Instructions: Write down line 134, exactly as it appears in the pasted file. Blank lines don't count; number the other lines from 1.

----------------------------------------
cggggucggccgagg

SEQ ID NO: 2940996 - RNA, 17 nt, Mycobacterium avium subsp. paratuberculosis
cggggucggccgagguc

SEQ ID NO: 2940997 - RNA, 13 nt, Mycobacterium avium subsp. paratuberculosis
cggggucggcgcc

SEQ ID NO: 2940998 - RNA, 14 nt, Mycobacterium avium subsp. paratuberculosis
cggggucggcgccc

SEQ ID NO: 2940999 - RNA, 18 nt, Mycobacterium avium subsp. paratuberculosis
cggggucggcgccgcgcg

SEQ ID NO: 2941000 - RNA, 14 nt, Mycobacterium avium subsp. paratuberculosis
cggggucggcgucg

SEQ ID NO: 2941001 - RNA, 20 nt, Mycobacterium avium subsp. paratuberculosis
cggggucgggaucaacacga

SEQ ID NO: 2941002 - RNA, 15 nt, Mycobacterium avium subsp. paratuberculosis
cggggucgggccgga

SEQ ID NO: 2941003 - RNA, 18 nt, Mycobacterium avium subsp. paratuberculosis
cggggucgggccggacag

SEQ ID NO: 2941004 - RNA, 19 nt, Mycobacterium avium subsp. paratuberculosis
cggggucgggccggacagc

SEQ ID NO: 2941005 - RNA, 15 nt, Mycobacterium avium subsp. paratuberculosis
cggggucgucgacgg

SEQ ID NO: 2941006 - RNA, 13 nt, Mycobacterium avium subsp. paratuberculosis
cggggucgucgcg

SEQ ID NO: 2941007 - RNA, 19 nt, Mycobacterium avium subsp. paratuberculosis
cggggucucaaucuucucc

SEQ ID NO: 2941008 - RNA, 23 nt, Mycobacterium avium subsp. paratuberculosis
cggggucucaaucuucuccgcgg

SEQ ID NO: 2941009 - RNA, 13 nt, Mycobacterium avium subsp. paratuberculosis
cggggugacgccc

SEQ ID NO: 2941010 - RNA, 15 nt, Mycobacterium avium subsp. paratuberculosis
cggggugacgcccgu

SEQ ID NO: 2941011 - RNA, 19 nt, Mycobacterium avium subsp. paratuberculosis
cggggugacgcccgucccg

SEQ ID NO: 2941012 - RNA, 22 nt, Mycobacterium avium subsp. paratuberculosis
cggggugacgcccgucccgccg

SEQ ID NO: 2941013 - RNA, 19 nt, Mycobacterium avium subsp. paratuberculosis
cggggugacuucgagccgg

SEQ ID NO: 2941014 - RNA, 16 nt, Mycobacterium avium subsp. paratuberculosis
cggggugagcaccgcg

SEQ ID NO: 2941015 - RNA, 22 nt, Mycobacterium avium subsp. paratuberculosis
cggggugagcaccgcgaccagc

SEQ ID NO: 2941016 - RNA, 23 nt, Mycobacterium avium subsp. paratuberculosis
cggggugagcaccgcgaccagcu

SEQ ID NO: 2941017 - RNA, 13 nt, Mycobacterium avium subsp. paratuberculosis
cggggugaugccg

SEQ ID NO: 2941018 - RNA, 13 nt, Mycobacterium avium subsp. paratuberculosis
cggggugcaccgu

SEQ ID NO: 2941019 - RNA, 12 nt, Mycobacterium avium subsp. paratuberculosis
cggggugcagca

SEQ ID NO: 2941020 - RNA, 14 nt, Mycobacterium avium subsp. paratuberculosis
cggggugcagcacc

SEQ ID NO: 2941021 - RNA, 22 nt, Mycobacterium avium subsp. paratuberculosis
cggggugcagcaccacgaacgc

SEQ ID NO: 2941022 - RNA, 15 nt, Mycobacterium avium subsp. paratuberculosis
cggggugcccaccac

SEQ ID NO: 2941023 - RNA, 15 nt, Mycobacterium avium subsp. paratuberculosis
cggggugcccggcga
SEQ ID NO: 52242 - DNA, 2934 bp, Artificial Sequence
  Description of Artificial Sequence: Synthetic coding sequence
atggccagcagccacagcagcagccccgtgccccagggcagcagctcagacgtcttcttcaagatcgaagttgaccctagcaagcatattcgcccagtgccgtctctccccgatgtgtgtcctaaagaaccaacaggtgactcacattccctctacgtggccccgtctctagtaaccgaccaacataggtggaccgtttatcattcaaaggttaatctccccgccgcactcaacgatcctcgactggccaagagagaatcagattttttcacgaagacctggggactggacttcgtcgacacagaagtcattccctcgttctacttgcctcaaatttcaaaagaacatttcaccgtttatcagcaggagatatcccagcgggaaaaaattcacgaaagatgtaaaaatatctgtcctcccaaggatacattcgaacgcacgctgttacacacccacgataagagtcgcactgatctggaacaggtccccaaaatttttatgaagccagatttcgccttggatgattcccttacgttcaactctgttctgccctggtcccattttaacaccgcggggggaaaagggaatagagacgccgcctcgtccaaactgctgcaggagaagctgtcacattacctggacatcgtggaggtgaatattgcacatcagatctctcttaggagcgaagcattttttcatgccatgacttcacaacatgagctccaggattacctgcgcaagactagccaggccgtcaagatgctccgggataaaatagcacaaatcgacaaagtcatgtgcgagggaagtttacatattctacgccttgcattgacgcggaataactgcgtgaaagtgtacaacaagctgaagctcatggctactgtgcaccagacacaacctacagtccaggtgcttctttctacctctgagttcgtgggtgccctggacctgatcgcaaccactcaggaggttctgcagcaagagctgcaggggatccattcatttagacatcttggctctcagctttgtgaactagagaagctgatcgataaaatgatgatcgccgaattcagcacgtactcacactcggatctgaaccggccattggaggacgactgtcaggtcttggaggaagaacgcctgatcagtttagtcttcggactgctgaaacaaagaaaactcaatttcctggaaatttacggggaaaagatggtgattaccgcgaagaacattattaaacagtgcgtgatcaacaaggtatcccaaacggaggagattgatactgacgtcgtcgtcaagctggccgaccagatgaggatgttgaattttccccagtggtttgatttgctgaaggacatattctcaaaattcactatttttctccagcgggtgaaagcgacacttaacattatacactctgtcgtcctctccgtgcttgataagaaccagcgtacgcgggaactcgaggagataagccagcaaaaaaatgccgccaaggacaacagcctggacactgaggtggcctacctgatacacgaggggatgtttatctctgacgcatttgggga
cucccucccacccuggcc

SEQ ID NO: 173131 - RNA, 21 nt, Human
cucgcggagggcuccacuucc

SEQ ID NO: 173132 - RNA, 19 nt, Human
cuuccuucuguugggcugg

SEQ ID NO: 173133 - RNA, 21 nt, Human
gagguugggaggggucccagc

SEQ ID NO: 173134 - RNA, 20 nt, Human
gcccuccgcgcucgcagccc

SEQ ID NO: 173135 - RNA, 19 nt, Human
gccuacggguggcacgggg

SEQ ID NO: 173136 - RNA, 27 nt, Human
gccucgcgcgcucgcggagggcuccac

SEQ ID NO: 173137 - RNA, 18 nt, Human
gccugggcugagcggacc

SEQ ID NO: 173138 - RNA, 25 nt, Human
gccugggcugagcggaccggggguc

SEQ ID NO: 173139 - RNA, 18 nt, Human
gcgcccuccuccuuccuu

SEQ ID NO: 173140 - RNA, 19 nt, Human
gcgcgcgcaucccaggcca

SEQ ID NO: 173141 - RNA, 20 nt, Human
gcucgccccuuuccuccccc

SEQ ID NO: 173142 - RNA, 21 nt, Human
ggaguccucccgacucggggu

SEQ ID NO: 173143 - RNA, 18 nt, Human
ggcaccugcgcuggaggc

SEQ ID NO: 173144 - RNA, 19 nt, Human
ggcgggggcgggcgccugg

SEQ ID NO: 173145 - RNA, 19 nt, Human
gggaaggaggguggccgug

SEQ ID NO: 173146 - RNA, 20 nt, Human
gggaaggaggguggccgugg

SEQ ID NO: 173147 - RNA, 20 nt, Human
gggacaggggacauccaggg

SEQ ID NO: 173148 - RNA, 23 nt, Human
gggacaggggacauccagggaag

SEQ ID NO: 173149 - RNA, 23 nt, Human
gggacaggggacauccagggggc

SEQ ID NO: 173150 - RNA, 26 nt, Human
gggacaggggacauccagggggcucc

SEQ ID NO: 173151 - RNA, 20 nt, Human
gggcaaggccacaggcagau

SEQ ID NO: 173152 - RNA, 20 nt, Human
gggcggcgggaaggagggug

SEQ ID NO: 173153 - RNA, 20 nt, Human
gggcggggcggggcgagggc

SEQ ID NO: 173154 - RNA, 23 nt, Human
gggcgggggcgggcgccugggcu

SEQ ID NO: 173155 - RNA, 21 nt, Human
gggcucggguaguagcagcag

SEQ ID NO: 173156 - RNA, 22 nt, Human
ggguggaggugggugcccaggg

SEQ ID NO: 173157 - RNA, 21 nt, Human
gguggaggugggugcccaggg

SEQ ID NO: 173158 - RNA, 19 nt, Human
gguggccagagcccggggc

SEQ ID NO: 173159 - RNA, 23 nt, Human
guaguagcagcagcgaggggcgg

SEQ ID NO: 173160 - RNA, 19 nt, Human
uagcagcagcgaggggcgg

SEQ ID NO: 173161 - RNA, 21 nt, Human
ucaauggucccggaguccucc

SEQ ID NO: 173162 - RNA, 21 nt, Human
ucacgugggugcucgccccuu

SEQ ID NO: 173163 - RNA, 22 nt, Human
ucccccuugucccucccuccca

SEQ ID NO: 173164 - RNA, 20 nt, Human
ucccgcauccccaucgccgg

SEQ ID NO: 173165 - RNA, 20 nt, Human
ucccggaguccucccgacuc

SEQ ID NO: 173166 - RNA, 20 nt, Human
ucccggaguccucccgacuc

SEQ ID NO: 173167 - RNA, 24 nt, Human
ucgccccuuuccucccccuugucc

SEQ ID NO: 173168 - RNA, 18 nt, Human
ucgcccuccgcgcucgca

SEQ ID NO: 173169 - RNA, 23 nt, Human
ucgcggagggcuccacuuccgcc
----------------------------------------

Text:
SEQ ID NO: 173167 - RNA, 24 nt, Human